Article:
What is a sole trader? Our key considerations
With more than 60 per cent of UK businesses identified as sole traders, there are many more around than you might think. So, what is a sole trader and what does it mean? If you are a sole trader, you run your own business as an individual and are self-employed, according to HM Revenue and Customs.
You can keep all profits from your business after you have paid tax on them, you are personally responsible for any losses your business makes and you must also follow certain rules on running and naming your business.
How do you get started as a sole trader?
One of the first things you must do is to choose a name to trade as (checking that it is not currently being used). You may decide, instead, to trade under your own name. The choice is yours.
Writing a business plan, including producing a forecast, is very important. All good businesses should have one – it is a written document with a description and overview of your company’s future. It should include your objectives and goals and how and when you want to achieve them.
Your next step should be to register as self-employed with HMRC and you will need to file a tax return each year. You will also need to think about registering for VAT – the current threshold of turnover is £85,000 a year.
With the recent changes to Making Tax Digital (MTD), it is a good idea to get expert advice from your accountant. All VAT registered businesses must comply with the new rules, not just those with a turnover above the threshold. From April next year, all businesses including landlords with a turnover above £10,000 must also comply.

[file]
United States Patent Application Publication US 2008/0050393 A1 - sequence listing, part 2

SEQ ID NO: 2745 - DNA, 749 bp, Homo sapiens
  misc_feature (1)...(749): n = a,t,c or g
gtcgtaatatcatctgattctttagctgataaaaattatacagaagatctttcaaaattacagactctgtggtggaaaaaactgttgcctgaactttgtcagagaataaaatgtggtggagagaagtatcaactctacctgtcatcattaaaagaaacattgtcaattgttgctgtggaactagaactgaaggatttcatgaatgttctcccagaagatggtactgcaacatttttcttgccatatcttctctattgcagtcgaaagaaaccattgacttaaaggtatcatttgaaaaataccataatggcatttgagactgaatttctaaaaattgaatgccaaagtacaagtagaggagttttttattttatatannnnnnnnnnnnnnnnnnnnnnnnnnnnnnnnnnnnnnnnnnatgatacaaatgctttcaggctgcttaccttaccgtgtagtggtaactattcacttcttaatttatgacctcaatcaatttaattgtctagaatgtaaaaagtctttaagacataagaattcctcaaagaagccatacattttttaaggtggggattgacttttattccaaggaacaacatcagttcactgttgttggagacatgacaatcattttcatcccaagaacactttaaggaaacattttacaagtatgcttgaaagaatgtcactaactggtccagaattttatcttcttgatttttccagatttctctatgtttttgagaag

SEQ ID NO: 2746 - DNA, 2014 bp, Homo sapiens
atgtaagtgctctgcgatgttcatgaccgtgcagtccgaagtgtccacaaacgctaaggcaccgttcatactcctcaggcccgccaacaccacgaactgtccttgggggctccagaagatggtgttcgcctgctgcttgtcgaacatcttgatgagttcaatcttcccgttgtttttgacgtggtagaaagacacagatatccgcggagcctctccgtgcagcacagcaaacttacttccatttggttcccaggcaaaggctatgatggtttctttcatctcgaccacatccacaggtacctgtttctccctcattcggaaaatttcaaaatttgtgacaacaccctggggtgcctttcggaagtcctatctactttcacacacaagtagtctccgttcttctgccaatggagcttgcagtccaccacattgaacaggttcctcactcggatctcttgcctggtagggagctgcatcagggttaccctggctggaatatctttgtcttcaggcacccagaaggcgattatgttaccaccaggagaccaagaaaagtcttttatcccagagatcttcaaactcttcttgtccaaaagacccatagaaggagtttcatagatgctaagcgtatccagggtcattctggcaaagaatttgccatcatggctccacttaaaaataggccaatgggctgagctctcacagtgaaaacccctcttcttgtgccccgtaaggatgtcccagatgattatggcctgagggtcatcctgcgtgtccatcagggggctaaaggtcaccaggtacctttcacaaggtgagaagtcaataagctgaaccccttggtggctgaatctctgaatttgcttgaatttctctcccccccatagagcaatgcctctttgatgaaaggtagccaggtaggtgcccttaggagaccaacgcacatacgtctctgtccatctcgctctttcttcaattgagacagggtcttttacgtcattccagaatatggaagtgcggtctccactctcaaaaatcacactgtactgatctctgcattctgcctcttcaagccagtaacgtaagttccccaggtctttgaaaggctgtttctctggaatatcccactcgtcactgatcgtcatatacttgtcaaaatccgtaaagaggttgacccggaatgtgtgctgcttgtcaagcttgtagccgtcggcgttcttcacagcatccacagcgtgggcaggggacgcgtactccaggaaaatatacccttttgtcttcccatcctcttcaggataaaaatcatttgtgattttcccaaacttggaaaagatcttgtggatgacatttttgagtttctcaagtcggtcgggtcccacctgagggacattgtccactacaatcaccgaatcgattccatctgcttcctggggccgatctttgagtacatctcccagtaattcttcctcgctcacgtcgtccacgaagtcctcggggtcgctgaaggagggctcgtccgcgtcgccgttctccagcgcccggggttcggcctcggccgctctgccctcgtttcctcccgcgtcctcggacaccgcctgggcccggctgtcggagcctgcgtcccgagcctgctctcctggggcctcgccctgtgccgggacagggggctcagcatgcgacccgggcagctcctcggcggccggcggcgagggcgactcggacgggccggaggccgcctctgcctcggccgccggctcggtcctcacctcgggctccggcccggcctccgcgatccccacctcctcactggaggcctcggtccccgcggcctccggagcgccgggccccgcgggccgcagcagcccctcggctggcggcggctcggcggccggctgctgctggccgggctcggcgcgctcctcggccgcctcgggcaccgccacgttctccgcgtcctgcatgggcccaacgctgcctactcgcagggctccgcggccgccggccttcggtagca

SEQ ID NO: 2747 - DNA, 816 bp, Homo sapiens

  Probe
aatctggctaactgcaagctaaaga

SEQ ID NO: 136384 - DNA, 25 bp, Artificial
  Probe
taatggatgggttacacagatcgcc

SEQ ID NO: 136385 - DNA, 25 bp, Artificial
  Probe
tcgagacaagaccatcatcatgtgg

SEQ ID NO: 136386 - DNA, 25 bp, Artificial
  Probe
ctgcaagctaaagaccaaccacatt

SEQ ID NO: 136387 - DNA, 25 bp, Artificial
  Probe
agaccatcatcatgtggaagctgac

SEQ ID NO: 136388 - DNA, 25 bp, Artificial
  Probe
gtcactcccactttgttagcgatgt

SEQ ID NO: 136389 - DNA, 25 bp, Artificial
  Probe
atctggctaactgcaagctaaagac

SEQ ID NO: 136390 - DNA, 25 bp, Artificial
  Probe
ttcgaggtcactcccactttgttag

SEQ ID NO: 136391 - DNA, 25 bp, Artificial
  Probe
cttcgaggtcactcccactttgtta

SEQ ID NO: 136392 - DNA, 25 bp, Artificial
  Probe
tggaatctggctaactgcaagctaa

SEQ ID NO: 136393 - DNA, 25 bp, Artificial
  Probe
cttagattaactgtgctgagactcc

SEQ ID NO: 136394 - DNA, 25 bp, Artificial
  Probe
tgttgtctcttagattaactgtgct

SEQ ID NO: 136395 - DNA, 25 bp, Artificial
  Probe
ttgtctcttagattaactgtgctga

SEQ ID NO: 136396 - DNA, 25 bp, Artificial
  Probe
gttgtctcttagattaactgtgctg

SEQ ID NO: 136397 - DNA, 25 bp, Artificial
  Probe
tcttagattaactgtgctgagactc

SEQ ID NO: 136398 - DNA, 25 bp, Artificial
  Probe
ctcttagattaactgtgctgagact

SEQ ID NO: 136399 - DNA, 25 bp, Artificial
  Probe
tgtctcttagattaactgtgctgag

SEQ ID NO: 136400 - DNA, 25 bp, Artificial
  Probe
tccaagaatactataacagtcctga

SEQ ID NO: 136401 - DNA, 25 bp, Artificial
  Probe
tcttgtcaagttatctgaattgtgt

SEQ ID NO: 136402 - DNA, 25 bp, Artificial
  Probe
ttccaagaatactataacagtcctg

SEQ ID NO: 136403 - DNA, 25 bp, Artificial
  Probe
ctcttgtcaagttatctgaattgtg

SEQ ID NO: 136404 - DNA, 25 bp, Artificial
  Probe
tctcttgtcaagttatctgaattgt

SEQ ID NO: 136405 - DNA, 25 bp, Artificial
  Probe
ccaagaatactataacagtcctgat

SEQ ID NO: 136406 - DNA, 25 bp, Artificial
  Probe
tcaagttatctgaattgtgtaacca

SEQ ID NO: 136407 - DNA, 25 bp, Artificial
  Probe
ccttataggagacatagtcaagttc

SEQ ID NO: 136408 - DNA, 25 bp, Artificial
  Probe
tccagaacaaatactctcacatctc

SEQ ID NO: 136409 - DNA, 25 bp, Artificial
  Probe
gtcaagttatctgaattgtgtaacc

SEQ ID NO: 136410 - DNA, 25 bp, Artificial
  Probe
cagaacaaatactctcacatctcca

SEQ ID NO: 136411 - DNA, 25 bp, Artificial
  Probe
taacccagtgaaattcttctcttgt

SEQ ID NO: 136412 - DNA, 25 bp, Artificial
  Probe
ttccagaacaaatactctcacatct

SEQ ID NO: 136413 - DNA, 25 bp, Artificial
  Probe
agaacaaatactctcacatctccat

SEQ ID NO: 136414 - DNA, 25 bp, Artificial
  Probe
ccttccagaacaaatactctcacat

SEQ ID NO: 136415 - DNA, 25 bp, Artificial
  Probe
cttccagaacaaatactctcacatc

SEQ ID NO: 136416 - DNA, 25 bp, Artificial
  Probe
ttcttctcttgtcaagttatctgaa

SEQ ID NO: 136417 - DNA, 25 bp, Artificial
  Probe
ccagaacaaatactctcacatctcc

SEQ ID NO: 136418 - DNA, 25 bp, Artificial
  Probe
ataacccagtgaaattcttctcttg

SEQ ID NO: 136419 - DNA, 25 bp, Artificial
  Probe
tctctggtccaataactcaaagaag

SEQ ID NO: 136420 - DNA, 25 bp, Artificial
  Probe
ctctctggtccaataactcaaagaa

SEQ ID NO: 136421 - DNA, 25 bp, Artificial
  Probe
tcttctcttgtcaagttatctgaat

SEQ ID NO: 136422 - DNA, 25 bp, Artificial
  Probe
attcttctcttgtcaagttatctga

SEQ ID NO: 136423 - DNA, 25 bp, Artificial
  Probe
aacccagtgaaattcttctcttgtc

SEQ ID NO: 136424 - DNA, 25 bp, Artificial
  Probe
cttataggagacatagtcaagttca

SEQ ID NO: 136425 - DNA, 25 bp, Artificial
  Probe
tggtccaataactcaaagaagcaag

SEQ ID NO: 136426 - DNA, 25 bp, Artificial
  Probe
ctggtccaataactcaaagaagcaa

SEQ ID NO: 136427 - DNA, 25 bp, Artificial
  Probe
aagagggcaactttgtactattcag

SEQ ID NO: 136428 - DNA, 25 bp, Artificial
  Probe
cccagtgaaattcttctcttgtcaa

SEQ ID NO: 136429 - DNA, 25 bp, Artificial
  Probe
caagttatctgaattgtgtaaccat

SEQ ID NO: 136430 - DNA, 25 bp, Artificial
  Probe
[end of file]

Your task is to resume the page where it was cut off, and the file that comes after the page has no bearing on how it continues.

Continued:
What are the pros of being a sole trader?
One of the pros of being a sole trader is that you can keep all profits that you earn after tax. Setting up a sole trade business is relatively easy compared to setting up a limited company and the capital investment to set up as a sole trader is potentially relatively small.
A sole trader is also free to make all their own decisions and as a sole trader, the details of your business can be kept private. While your tax returns are filed with HMRC, if you decide to form a limited company, your accounts are filed with Companies House and are in the public domain, for anyone to see.
What are the cons of being a sole trader?
As a sole trader, you have unlimited liability as an individual. This means that unlike the owners of a limited company, a sole trader is personally liable for their business’ debts and losses. There is no separate legal identity for the business – the sole trader is their business.
You will also have to consider the number of hours you are prepared to put into the business as a sole trader – it is up to you, as the business owner, to work as much or as little as you want. You might see this as an advantage rather than a ‘con’ of being a sole trader.
Finally, another disadvantage is the potential you may have to pay tax at higher rates than if you were registered as a limited company. Of course, this all depends on your profit levels and how much money you make.
Other key points to consider
It is important that you keep all your financial records in a safe place. It stands to reason that the more organised you are from day one, the easier it is to compile a list of documents and information for your accountant when you need to.
Whether you decide to register as self-employed, in a partnership or set yourself up as a limited company, each option has their own implications on how you pay tax, so it is important that you get the right advice at the earliest opportunity to avoid getting caught out.
For advice on setting up as a sole trader, helping to grow your business or for any tax and accountancy advice, contact your local Westcotts office.